Texas has more than 1,200 school districts, and in 200 of the mostly small, rural districts, some teachers and school employees already are armed.
Those who support East Central’s proposed Guardian Plan believe measures to augment the district’s campus police force could save lives by reducing response times to an armed intruder on campus, be it a disturbed student or outside actor.
Last week, Toscano told an audience of about 150 district residents that East Central’s 11 geographically dispersed campuses already benefit from a rapid response time of four to six minutes from armed campus police, with an officer currently assigned to each campus. Still, most active shooters inflict the most damage before law enforcement officers reach the scene, he said. Armed teachers would provide a more immediate, on-scene response and thus save lives, Toscano reasoned.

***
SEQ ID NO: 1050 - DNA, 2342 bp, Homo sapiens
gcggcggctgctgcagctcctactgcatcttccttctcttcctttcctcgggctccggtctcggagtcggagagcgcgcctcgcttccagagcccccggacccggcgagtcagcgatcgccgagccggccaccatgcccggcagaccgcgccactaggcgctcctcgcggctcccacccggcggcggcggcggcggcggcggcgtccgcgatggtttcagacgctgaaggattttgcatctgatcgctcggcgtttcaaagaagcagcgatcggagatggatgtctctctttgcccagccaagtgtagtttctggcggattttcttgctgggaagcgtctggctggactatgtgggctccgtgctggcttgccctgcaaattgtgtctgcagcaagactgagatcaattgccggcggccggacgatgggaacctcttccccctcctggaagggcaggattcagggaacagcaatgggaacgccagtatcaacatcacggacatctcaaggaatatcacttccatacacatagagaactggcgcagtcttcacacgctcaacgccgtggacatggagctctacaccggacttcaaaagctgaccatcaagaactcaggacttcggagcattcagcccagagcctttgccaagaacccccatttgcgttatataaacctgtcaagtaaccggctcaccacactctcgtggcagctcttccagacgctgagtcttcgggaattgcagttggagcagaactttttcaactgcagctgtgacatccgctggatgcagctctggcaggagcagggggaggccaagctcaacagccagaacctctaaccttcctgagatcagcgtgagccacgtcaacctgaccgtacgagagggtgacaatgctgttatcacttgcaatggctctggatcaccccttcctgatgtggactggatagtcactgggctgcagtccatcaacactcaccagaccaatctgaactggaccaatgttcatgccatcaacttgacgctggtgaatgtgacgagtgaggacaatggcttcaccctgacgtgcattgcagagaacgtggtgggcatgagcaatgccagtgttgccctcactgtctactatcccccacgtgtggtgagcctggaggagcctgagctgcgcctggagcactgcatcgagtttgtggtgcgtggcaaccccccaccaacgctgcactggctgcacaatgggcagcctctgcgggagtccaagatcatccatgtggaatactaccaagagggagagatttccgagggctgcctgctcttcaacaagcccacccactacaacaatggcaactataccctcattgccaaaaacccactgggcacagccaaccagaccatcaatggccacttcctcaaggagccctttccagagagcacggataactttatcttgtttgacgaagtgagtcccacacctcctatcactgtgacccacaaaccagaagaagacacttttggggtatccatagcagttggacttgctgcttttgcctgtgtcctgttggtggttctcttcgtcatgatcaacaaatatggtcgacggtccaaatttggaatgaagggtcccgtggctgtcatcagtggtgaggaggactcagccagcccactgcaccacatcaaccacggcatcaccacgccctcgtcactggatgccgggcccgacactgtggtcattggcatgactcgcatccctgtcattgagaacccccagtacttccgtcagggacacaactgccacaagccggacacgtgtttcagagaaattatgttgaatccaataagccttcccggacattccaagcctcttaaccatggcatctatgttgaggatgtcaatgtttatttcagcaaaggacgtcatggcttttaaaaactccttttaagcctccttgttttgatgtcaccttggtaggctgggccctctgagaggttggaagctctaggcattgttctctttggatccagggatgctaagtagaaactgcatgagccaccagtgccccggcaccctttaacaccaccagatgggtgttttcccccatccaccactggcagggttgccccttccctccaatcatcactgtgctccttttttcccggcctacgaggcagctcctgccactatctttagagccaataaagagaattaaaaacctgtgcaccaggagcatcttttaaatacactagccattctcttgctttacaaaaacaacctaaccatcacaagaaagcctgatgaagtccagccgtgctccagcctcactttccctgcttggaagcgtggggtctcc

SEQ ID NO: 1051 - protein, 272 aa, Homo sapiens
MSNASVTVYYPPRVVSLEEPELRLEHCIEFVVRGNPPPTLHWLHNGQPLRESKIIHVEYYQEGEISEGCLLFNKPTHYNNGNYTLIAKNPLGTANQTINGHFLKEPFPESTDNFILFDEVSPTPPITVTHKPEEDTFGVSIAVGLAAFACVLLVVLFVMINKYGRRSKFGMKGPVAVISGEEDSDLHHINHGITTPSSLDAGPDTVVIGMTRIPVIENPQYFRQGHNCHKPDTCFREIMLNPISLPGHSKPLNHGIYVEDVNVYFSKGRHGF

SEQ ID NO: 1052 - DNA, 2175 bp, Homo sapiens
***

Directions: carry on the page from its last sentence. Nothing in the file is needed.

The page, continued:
In the district’s impressive new performing arts hall on the high school campus, teachers, parents, veterans, and others attending the East Central event, a panel discussion I moderated, seemed unconvinced. Various speakers said district officials were racing ahead with a predetermined plan and only now seeking community input as opposition surfaces.
Most of the individuals in the district I have spoken with, including parents and teachers, would not give the district a passing grade for transparency or inviting all stakeholders into the conversation from the outset.
There was frustration among audience members that the panel did not include Toscano or board President Steve Bryant, both of whom addressed the audience beforehand but did not take questions. While the 990-seat hall was mostly empty on a night when Clemson and Alabama were playing the Bowl Championship Series game, those on hand were unwilling to let the program end at 8 p.m. We remained onstage for some time afterward until many more audience members could pose questions, many of which were directed at Toscano or Bryant and thus went unanswered.
The district handed out a Guardian Plan Consideration FAQ, which is also posted on its website, but the document does not address many of the “what if?” questions posed at the meeting.